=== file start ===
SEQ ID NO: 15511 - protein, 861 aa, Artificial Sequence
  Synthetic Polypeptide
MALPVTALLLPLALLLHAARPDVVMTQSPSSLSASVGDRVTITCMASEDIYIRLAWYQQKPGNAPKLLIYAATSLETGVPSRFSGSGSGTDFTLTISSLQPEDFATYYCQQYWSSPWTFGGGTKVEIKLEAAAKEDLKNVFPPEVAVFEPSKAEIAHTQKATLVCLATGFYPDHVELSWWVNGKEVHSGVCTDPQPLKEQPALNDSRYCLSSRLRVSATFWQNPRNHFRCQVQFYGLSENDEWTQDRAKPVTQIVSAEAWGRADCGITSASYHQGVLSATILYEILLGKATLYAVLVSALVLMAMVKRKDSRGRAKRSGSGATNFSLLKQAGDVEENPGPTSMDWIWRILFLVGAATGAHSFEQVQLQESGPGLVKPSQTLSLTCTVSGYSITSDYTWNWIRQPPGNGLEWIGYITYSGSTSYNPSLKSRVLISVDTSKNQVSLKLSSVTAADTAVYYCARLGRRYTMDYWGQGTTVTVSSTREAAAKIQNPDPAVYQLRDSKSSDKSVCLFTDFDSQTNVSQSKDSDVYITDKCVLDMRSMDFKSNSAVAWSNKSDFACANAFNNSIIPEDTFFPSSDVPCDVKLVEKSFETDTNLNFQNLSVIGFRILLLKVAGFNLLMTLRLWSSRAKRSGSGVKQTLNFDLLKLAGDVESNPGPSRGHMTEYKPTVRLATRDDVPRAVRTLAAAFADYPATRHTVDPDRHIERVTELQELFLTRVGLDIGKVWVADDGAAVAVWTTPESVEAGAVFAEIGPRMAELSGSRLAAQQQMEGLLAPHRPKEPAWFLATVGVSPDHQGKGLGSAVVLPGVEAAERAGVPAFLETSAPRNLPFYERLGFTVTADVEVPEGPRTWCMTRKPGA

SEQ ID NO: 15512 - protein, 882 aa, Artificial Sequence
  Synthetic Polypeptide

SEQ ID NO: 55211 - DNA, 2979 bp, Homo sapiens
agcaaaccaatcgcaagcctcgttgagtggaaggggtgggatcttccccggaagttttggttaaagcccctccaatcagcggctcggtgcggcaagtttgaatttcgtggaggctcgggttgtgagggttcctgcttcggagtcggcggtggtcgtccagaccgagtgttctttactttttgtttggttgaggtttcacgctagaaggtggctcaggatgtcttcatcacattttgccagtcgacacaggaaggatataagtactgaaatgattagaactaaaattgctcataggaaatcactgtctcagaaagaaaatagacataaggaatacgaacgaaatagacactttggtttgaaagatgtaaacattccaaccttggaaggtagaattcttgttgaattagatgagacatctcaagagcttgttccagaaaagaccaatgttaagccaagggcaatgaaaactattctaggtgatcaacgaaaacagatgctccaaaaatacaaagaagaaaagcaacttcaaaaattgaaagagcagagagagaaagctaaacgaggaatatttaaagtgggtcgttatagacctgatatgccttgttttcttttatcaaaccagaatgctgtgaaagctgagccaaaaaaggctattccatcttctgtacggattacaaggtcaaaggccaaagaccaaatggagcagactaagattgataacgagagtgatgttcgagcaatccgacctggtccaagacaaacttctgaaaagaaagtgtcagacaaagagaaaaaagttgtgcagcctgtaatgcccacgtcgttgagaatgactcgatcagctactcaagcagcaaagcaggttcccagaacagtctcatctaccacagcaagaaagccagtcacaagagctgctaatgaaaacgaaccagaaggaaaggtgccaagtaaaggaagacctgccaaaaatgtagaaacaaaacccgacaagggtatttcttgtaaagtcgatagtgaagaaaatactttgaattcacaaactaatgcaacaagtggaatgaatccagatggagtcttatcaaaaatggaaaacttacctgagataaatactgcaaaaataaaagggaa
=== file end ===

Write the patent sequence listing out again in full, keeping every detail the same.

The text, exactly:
SEQ ID NO: 15511 - protein, 861 aa, Artificial Sequence
  Synthetic Polypeptide
MALPVTALLLPLALLLHAARPDVVMTQSPSSLSASVGDRVTITCMASEDIYIRLAWYQQKPGNAPKLLIYAATSLETGVPSRFSGSGSGTDFTLTISSLQPEDFATYYCQQYWSSPWTFGGGTKVEIKLEAAAKEDLKNVFPPEVAVFEPSKAEIAHTQKATLVCLATGFYPDHVELSWWVNGKEVHSGVCTDPQPLKEQPALNDSRYCLSSRLRVSATFWQNPRNHFRCQVQFYGLSENDEWTQDRAKPVTQIVSAEAWGRADCGITSASYHQGVLSATILYEILLGKATLYAVLVSALVLMAMVKRKDSRGRAKRSGSGATNFSLLKQAGDVEENPGPTSMDWIWRILFLVGAATGAHSFEQVQLQESGPGLVKPSQTLSLTCTVSGYSITSDYTWNWIRQPPGNGLEWIGYITYSGSTSYNPSLKSRVLISVDTSKNQVSLKLSSVTAADTAVYYCARLGRRYTMDYWGQGTTVTVSSTREAAAKIQNPDPAVYQLRDSKSSDKSVCLFTDFDSQTNVSQSKDSDVYITDKCVLDMRSMDFKSNSAVAWSNKSDFACANAFNNSIIPEDTFFPSSDVPCDVKLVEKSFETDTNLNFQNLSVIGFRILLLKVAGFNLLMTLRLWSSRAKRSGSGVKQTLNFDLLKLAGDVESNPGPSRGHMTEYKPTVRLATRDDVPRAVRTLAAAFADYPATRHTVDPDRHIERVTELQELFLTRVGLDIGKVWVADDGAAVAVWTTPESVEAGAVFAEIGPRMAELSGSRLAAQQQMEGLLAPHRPKEPAWFLATVGVSPDHQGKGLGSAVVLPGVEAAERAGVPAFLETSAPRNLPFYERLGFTVTADVEVPEGPRTWCMTRKPGA

SEQ ID NO: 15512 - protein, 882 aa, Artificial Sequence
  Synthetic Polypeptide

SEQ ID NO: 55211 - DNA, 2979 bp, Homo sapiens
agcaaaccaatcgcaagcctcgttgagtggaaggggtgggatcttccccggaagttttggttaaagcccctccaatcagcggctcggtgcggcaagtttgaatttcgtggaggctcgggttgtgagggttcctgcttcggagtcggcggtggtcgtccagaccgagtgttctttactttttgtttggttgaggtttcacgctagaaggtggctcaggatgtcttcatcacattttgccagtcgacacaggaaggatataagtactgaaatgattagaactaaaattgctcataggaaatcactgtctcagaaagaaaatagacataaggaatacgaacgaaatagacactttggtttgaaagatgtaaacattccaaccttggaaggtagaattcttgttgaattagatgagacatctcaagagcttgttccagaaaagaccaatgttaagccaagggcaatgaaaactattctaggtgatcaacgaaaacagatgctccaaaaatacaaagaagaaaagcaacttcaaaaattgaaagagcagagagagaaagctaaacgaggaatatttaaagtgggtcgttatagacctgatatgccttgttttcttttatcaaaccagaatgctgtgaaagctgagccaaaaaaggctattccatcttctgtacggattacaaggtcaaaggccaaagaccaaatggagcagactaagattgataacgagagtgatgttcgagcaatccgacctggtccaagacaaacttctgaaaagaaagtgtcagacaaagagaaaaaagttgtgcagcctgtaatgcccacgtcgttgagaatgactcgatcagctactcaagcagcaaagcaggttcccagaacagtctcatctaccacagcaagaaagccagtcacaagagctgctaatgaaaacgaaccagaaggaaaggtgccaagtaaaggaagacctgccaaaaatgtagaaacaaaacccgacaagggtatttcttgtaaagtcgatagtgaagaaaatactttgaattcacaaactaatgcaacaagtggaatgaatccagatggagtcttatcaaaaatggaaaacttacctgagataaatactgcaaaaataaaagggaa